And in bowling, the ball will curve to the left, even when someone is holding their arm completely straight, or even try curving their hand towards the right.

Besides all those minor problems, the Wii really is fun. Everyone has really gotten into the game and made their own characters. (Which is also a fun process).
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on November 23, 2006
Ok, you've seen the advertisements. You've looked at the Xbox 360 and the PS3. Now, you are wondering how the least expensive next gen game console compares to its more expensive competition. Nintendo's Wii not only performs well, it exceeded all of my expectations as far as being a fun game machine.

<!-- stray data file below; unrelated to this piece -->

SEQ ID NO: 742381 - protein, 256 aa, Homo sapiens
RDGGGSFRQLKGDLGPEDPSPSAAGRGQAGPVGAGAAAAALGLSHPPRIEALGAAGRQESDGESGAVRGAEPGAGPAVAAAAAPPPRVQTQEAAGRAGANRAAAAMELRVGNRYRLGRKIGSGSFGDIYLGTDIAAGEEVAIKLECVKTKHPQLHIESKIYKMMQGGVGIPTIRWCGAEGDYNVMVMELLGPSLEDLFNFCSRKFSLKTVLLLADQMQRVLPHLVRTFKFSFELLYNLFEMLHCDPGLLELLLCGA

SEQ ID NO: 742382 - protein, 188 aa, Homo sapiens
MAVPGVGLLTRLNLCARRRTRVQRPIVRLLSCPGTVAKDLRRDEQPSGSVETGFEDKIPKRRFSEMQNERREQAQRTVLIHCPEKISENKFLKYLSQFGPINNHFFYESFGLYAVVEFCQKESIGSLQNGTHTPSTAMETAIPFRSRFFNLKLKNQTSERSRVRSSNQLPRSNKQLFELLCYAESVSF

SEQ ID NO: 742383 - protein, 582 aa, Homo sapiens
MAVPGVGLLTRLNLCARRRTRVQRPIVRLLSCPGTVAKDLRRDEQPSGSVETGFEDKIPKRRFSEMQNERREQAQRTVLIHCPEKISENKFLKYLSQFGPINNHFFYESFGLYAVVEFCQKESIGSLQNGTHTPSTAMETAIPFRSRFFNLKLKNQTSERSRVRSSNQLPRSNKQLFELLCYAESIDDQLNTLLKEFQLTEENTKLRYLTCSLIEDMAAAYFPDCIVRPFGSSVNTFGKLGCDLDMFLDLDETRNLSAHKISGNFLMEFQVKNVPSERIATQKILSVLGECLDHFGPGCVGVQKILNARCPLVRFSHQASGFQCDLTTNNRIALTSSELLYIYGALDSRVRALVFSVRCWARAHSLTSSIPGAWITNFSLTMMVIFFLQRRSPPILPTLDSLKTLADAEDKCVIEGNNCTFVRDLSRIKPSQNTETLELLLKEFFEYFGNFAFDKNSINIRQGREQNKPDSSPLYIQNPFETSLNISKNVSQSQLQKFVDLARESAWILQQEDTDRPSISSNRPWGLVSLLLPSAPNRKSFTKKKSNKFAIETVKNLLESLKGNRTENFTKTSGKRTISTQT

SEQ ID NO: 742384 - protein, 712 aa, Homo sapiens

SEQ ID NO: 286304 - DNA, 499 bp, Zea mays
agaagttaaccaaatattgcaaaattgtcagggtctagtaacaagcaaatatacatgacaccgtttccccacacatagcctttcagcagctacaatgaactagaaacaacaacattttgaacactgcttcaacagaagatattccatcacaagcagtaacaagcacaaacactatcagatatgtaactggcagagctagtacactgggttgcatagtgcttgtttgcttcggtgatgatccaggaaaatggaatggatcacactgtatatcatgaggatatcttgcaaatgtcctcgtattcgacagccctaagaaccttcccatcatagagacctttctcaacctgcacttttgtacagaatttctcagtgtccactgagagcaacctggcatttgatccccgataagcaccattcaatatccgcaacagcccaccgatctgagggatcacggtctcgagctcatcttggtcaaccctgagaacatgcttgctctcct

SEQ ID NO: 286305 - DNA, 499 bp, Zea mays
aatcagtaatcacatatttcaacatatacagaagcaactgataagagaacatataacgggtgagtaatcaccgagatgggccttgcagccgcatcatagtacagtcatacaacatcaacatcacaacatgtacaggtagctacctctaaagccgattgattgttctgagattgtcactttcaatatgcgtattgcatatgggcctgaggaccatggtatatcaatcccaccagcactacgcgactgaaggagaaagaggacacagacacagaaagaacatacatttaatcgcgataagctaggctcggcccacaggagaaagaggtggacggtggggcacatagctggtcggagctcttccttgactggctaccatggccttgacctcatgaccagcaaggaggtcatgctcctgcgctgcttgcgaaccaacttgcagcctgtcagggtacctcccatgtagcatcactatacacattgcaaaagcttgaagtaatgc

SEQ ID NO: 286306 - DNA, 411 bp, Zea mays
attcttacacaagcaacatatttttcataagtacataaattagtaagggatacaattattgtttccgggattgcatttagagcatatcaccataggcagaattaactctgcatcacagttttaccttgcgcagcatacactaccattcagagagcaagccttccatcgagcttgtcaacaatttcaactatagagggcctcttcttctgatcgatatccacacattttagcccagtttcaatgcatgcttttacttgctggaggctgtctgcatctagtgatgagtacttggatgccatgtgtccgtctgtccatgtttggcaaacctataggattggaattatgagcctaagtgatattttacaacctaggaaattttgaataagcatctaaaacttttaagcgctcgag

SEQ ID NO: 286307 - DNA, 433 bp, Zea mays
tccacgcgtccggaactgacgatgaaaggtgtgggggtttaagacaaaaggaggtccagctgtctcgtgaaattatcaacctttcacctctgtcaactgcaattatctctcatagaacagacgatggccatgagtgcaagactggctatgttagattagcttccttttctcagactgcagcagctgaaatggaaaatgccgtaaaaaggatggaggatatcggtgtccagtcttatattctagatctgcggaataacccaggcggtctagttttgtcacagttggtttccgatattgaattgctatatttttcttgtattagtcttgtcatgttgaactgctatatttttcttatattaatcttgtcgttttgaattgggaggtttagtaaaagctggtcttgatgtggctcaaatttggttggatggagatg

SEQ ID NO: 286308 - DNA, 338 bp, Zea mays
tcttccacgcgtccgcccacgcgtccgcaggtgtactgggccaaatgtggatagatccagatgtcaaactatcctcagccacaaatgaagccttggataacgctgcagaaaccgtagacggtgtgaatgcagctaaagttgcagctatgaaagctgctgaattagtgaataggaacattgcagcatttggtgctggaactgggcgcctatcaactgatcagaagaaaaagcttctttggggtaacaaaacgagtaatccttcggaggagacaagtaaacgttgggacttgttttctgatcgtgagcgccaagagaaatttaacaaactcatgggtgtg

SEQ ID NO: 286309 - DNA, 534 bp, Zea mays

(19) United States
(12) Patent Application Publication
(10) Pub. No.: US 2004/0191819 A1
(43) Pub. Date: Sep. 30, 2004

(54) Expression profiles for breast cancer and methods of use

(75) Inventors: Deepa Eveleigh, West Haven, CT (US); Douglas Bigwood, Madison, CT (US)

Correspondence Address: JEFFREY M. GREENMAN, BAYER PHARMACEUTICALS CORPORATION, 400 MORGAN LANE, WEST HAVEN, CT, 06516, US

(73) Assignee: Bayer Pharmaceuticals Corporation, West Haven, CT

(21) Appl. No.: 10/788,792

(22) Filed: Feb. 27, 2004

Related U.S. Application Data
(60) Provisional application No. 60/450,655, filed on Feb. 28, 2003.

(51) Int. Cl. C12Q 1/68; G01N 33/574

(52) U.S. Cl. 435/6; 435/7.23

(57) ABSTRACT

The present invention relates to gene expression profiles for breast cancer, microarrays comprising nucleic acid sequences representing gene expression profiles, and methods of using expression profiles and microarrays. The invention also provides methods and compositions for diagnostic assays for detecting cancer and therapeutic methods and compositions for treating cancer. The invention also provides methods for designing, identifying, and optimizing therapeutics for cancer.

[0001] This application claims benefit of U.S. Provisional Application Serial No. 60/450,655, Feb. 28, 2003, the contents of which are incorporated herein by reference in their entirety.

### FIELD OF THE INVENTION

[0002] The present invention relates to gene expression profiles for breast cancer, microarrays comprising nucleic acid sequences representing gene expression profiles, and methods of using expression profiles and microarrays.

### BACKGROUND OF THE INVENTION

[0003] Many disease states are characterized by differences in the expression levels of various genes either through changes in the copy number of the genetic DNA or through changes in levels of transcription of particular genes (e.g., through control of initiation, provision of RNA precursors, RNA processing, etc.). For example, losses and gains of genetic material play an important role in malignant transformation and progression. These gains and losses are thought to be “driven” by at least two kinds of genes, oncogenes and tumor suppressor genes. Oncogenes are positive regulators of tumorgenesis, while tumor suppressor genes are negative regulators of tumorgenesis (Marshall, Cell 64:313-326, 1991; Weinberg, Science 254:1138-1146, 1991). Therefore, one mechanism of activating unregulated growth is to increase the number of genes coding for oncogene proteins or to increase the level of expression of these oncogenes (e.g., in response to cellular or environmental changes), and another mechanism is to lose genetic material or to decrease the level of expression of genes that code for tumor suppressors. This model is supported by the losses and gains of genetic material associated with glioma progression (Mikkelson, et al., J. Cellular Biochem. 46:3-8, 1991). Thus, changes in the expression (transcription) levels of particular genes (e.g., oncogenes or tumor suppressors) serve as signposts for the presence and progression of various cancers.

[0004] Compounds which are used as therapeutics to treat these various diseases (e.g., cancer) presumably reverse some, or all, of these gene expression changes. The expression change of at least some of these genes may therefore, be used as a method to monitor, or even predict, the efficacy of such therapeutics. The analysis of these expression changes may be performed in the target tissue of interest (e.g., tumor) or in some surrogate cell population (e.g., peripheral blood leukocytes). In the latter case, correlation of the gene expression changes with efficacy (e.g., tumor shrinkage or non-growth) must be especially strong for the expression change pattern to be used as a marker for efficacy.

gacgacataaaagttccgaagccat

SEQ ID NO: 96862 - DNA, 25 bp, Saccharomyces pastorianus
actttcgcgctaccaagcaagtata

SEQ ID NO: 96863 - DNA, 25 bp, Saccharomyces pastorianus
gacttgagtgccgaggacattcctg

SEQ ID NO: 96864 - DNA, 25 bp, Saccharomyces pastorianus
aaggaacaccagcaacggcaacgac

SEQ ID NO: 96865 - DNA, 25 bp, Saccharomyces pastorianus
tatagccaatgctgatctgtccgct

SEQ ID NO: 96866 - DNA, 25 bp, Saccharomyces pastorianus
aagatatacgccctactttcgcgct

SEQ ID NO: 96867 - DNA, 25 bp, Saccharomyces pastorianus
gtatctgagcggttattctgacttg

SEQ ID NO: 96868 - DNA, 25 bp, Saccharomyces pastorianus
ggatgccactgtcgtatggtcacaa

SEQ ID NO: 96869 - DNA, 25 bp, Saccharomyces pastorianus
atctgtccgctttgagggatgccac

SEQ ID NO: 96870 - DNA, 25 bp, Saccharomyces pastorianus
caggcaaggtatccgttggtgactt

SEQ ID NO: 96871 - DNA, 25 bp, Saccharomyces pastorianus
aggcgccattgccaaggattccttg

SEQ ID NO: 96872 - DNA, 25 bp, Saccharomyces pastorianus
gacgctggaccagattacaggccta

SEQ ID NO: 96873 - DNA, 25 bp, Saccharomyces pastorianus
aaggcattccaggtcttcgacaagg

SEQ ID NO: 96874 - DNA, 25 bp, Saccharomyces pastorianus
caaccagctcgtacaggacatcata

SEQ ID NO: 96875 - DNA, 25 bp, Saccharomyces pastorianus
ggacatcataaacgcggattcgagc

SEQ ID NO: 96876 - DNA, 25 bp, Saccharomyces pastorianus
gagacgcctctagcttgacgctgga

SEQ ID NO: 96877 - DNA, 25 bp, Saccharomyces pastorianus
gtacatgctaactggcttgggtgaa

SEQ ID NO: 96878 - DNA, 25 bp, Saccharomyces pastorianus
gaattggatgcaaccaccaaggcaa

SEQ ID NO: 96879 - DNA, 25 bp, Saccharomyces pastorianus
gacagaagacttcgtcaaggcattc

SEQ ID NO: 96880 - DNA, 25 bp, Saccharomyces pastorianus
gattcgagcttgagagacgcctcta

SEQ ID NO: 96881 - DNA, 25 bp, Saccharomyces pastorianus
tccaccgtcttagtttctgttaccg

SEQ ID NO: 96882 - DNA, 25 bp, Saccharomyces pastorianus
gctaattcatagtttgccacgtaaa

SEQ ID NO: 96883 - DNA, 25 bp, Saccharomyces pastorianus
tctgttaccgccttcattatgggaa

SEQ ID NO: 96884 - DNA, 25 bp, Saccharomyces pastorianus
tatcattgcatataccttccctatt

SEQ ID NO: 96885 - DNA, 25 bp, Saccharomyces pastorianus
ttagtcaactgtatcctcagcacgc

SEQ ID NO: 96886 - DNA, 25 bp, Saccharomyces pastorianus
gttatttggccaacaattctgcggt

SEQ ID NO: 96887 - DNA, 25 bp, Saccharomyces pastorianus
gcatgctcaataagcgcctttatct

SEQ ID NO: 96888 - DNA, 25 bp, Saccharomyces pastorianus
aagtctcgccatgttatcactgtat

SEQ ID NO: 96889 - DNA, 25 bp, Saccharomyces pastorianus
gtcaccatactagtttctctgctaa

The Wii is actually a lot smaller than I expected...much smaller than the PS3 or the Xbox 360, and I might add, a lot lighter too. How powerful can such a little game machine be? The answer to this question can be described by what happened on the first day of playing with the Wii...everyone in my household wanted to play with it. This is saying quite a bit as the other members in my family don't play games. I started out with the included game disk called Wii Sports and tried out the bowling game. After a few minutes of play, everyone wanted to try it. Next came the tennis game, the golf game, and boxing game. To put it mildly, the Wii was a hit at my house.